Simplifying the motor model

We can simplify the complicated model above to a simple lowpass filter. As shown in the plot below, this gets us a very reasonable approximation of the motor's behavior. In code, this lowpass filter looks like the following:

RPM[i] = (1-motor_lp)*V_control[i] + motor_lp*RPM[i-1]

Some experimentation shows that motor_lp=0.95 gives a reasonable approximation. Don't forget the objective! We aren't trying to get this perfect, we're just trying to get a reasonable model for the system. The motor lowpasses the commanded RPM to the motor.

In [263]:
vcontrol = 1500 #commanded rad/sec
motor_lp = 0.95 #lowpass parameter
RPM = [0]
for i in range(1000):
    RPM.extend([(1-motor_lp)*vcontrol + motor_lp*RPM[i]])
plt.plot((numpy.arange(0, 1001)/1000.)[0:180],RPM[0:180])
plt.xlabel('sec'); plt.ylabel('rad/sec'); 
plt.grid('on')
plt.title('Step response for lowpass approximation of motor');plt.show()

Modeling the pendulum physics

We will solve for the pendulum equation of motion by setting up a torque balance. There are three contributions to the torque on the pendulum: gravity, friction, and thrust. Thrust is always pointing in the direction that the motor is pointing, and gravity is always pointing toward the center of Earth, and friction acts opposite the direction of motion.

Thrust

Thrust is approximately proporitonal to the square of the rotor rotation speed. The constant of proportionality depends on lots of stuff (properties of the propeller, the fluid, etc.), but we'll just call it $K_T$ and play with it in simulation until we get a response that looks pretty good.

\begin{align} \tau_{thrust} &= K_T \omega L \end{align}

Gravity

The force from gravity is always toward the center of the Earth, so we must account for the angle of the beam in our torque calculation.

\begin{align} \tau_g &= m g L \sin{\theta} \end{align}
missing

Friction

And the torque from friction is proportional to the rotation rate, $\dot{\theta}$:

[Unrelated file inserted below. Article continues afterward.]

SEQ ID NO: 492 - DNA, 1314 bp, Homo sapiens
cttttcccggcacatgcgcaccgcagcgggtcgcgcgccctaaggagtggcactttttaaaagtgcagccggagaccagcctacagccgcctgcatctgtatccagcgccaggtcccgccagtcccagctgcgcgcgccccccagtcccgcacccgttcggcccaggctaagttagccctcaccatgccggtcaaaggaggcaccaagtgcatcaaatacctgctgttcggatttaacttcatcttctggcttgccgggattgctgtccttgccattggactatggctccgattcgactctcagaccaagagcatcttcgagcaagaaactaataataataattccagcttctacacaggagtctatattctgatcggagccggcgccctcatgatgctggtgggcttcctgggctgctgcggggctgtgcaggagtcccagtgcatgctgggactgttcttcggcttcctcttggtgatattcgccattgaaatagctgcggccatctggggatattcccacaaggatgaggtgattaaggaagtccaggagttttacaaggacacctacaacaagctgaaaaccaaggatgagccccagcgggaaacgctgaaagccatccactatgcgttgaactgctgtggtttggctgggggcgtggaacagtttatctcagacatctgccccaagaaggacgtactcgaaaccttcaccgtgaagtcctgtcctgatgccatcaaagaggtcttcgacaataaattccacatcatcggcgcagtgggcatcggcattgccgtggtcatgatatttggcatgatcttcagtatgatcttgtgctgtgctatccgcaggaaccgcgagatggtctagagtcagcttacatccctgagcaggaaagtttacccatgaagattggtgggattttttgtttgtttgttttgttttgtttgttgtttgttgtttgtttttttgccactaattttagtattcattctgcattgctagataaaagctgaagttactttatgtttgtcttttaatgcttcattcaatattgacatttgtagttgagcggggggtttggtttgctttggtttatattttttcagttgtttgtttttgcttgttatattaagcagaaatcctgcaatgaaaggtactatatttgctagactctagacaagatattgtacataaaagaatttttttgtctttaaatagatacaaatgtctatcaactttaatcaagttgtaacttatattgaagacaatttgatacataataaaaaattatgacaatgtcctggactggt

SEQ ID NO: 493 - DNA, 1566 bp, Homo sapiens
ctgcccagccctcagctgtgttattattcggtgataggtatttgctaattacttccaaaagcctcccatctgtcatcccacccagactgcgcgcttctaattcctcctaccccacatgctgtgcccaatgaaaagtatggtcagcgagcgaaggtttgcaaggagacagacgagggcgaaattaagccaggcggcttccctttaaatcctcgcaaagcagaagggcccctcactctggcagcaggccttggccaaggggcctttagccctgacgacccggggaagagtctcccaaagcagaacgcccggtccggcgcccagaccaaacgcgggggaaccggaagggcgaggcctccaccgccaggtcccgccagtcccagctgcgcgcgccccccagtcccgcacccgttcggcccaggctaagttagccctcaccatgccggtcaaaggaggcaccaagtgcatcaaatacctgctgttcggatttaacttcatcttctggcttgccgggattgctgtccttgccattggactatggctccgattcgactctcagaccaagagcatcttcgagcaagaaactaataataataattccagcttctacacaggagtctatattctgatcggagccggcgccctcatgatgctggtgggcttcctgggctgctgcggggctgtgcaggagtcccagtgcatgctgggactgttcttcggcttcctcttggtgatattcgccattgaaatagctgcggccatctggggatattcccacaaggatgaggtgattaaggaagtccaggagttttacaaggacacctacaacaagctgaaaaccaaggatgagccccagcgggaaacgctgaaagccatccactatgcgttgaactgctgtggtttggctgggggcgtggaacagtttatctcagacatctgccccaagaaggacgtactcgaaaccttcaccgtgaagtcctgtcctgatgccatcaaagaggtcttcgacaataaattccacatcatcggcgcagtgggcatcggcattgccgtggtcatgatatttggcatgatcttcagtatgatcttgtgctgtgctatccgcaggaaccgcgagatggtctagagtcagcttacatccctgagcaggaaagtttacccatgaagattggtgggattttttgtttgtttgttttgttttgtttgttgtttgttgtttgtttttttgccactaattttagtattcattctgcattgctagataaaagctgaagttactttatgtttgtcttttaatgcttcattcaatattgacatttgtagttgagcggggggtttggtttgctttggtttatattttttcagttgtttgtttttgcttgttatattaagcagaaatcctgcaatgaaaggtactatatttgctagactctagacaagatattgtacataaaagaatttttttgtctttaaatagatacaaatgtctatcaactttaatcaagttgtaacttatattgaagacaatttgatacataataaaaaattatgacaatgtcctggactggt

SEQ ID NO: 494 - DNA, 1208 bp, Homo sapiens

\begin{align} \tau_f &= K_f \dot{\theta} \end{align}

Equation of motion

We know that the net torque equals the moment of inertia times the angular acceleration, as shown below:

\begin{align} \sum \tau &= J \ddot{\theta} \end{align}

If we assume that the mass of the beam is negligible compared to the mass of the motor, then the moment of inertia is simply $J=mL^2$. Thus:

\begin{align} \sum \tau = m L^2 \ddot{\theta} \end{align}

Substitute the torque expressions:

\begin{align} \tau_{thrust} - \tau_g - \tau_f &= m\cdot L^2 \cdot \ddot{\theta}\\ K_T \omega L - m g L \sin{\theta} - K_f \dot{\theta} &= m L^2 \ddot{\theta} \end{align}

Solve for the angular acceleration:

\begin{align} \ddot{\theta} &= f(\omega, \theta, \dot{\theta}) = \frac{K_T}{mL} \omega - \frac{g}{L}\sin{\theta} - \frac{K_f}{mL^2} \dot{\theta} \end{align}

Linearization

That's a nonlinear equation! For sake of deploying some standard linear analysis, let's linearize this system about $\theta= 0$ (hanging vertically):

\begin{align} \ddot{\theta} &= f(\omega, \theta, \dot{\theta}) \approx \frac{K_T}{mL} \omega - \frac{g}{L}\theta - \frac{K_f}{mL^2} \dot{\theta} \end{align}

Pendulum Laplace transform

\begin{align} s^2 \Theta(s) &= \frac{K_T}{mL}\Omega(s) - \frac{g}{L}\Theta(s) - s \frac{K_f}{mL^2}\Theta(s) \end{align}
\begin{align} s^2 \Theta(s) + \frac{g}{L}\Theta(s) + s \frac{K_f}{mL^2}\Theta(s) &= \frac{K_T}{mL}\Omega(s) \end{align}